I suspect that most American atheists would not enjoy being classified as friendly puppydogs. So it’s time we stopped slobbering and wagging our tails, as if we’ve been offered some fantastic treat, whenever a political candidate says that he or she promises to uphold the Constitutional separation of church and state. That’s not a special yummy for us freethinkers, a First Amendment bone; it’s the law. And it benefits everyone except the ayatollahs among us.
Still, in exchange for that phantom goody, many of us atheists are willing to roll over and play dead while every single presidential contender takes his or her faith out for its daily walk.
Yes, the mythos says it’s impossible for a professed nonbeliever to get elected to high office in the United States. But how does that justify the incessant religious rhetoric? Wherever you turn—left, right, or center—you hear one of the candidates talking about the deep spiritual beliefs that, they all swear, make our country great.
This kind of thing is a well-rehearsed gospel tune of the Republicans. But the Democrats are singing it, too, booming it out loudly and proudly, vying to be noticed in the theocratic choir.
Even the least Jesus-jumping among them are eager for the opportunity to leap for the lord in front of the cameras. Here are a few instances of that phenomenon. Bear in mind: These are just the tip of the Christberg.
Example: According to the Pew Forum on Religion & Public Life, Hillary Clinton says that she sees “no contradiction between support for faith-based programs and upholding our constitutional principles.” This statement is not necessarily an endorsement of governmentally sponsored initiatives. But it’s not a condemnation, either. It’s neutral. Edwards and Obama have made similar ambiguous pronouncements. Clearly, these hypocrites would like to leave the nation’s holy hooligans with the impression—mistaken or not—that the White House under a new regime would continue to recognize a special role for religion.
Example: The New York Times of April 30 includes a lengthy article that discusses Barack Obama’s “Search for Faith.” Masquerading as news, the piece pretends to examine the candidate’s relationship with Trinity United Church of Christ and its controversial pastor, the Reverend Jeremiah A. Wright, Jr. Whatever else the text says, its real message is clear: Barack Obama is a Christian. This drivel was obviously written with the collusion, or at least the tacit approval, of the Obama campaign. You didn’t see the candidate at a press conference telling the media, “I’d appreciate it if you all left my religious views out of this race.”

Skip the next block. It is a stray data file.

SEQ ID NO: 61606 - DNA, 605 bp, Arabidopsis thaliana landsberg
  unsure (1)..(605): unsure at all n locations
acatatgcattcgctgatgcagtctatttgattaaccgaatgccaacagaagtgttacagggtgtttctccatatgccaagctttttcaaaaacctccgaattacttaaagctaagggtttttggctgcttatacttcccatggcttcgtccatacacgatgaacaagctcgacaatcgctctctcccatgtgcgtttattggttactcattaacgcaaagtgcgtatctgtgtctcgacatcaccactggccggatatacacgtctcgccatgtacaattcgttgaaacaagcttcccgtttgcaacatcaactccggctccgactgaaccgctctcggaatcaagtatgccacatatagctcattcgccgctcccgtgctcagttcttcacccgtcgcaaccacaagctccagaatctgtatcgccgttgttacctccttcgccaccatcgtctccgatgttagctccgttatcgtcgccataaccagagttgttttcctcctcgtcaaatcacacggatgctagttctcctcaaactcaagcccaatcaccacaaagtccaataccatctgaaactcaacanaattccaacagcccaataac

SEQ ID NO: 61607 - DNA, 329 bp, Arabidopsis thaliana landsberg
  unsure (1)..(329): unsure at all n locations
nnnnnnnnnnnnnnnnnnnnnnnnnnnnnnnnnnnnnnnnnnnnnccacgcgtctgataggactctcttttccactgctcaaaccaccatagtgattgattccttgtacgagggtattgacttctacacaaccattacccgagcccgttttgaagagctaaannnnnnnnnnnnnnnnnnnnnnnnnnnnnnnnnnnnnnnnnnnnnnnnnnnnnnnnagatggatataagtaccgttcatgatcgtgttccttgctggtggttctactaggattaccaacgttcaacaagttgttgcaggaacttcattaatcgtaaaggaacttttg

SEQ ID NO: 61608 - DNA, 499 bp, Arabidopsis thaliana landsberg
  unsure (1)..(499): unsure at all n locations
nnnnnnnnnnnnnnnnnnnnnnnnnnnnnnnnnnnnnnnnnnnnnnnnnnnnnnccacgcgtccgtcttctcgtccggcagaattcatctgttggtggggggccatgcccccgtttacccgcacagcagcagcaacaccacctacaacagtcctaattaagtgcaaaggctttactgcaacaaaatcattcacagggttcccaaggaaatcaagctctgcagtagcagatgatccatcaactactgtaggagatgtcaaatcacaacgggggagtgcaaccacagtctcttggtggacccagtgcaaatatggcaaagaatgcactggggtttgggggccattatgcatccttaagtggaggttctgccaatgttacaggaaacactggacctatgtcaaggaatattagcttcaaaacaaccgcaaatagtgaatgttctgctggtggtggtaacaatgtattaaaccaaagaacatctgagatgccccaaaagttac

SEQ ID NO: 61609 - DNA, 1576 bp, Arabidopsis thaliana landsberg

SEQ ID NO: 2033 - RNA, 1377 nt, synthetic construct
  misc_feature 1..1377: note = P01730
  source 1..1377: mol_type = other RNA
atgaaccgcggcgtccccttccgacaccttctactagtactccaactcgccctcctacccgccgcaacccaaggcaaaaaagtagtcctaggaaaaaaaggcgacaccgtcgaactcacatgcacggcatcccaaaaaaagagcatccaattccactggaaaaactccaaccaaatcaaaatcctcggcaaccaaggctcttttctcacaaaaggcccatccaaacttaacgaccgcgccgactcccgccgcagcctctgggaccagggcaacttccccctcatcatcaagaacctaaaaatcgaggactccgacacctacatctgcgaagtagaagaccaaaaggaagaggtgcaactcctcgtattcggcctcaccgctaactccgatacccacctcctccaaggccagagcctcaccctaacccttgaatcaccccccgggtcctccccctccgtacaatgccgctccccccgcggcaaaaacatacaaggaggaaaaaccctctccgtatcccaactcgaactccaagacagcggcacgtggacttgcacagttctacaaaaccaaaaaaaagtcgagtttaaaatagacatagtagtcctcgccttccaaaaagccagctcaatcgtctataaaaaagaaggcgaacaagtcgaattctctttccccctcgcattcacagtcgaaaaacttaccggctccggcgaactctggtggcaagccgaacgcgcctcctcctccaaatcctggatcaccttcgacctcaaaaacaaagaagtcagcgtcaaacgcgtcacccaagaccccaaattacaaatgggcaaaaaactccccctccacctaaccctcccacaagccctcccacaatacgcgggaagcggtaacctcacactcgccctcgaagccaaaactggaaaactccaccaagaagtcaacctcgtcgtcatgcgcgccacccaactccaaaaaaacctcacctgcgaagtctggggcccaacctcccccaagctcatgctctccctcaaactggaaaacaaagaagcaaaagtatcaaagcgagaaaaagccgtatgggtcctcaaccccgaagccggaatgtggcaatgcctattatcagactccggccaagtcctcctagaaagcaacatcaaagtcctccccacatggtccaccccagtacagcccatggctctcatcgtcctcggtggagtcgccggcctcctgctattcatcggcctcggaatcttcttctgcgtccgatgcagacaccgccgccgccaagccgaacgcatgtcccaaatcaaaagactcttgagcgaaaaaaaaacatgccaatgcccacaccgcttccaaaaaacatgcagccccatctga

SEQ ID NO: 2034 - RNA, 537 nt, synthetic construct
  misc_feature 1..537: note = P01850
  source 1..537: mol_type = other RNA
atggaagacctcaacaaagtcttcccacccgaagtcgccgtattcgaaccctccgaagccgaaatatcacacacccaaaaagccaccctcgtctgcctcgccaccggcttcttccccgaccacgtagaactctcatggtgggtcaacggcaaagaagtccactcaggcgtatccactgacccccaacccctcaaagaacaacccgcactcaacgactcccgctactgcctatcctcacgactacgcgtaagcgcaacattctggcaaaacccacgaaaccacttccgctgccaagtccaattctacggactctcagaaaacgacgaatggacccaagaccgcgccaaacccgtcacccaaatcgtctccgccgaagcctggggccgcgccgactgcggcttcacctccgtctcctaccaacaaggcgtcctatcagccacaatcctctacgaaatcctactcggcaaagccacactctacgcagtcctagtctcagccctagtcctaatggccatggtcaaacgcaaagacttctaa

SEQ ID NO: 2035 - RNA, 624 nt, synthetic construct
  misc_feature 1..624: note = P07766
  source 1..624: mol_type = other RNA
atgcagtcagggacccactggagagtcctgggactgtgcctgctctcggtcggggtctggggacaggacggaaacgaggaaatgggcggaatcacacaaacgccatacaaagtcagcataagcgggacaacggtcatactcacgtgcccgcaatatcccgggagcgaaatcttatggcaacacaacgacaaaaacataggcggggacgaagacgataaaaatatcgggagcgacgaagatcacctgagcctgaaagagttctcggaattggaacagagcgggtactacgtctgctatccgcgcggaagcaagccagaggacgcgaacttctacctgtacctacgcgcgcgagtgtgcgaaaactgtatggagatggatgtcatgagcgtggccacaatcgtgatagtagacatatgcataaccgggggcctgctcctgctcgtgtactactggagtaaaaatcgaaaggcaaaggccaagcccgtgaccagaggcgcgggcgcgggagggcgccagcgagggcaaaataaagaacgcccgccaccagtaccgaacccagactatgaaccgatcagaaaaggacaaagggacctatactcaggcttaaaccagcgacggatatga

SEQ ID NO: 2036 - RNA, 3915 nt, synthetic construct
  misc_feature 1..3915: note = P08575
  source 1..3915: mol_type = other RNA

Example: While still governor of New Mexico, Bill Richardson created the Governor’s Office of Faith-Based and Community Initiatives. He also gave all state employees a half day off with pay, at public expense, to honor Pope John Paul II when the pontiff kicked the jewel-encrusted bucket.
Example: Last week, Joe Biden, as quoted by the Associated Press, inarticulately urged his party “to demonstrate that it’s not afraid to deal with the faith issue, and has a candidate who the public thinks knows there’s something bigger than he or she is and is comfortable with that.”
Example: Dennis Kucinich, the New-Age Vegan Roman Catholic Munchkin, is a strong supporter of separation. But in 2004, he apparently accepted an invitation to be interviewed by beliefnet.com. During a meandering and vague discussion, he was asked: What do you think were the spiritual principles that animated the founding of the country? His answer: “An understanding of the role of divine providence. An understanding of the connection between God and nature. An appreciation for the possibility that life, liberty, and the pursuit of happiness flowed from a transcendant source. Things like that.”
Well, things like that are what lead to a theocratic state. While Turkish secularists are barking vehemently on the streets of Istanbul to protest a religious takeover of their country, we American atheist puppies are quietly licking the hands of godpushers who give us half-hearted pats on the head, all the while threatening to restrain the country with a heaven-held leash.
Don’t get me wrong. I’m not advocating a lack-of-religion test for candidates. They’re free to worship any idol they please. But when they parade their pet dogma voluntarily, in hopes of endearing themselves to a gullible electorate, we atheists should at least snarl.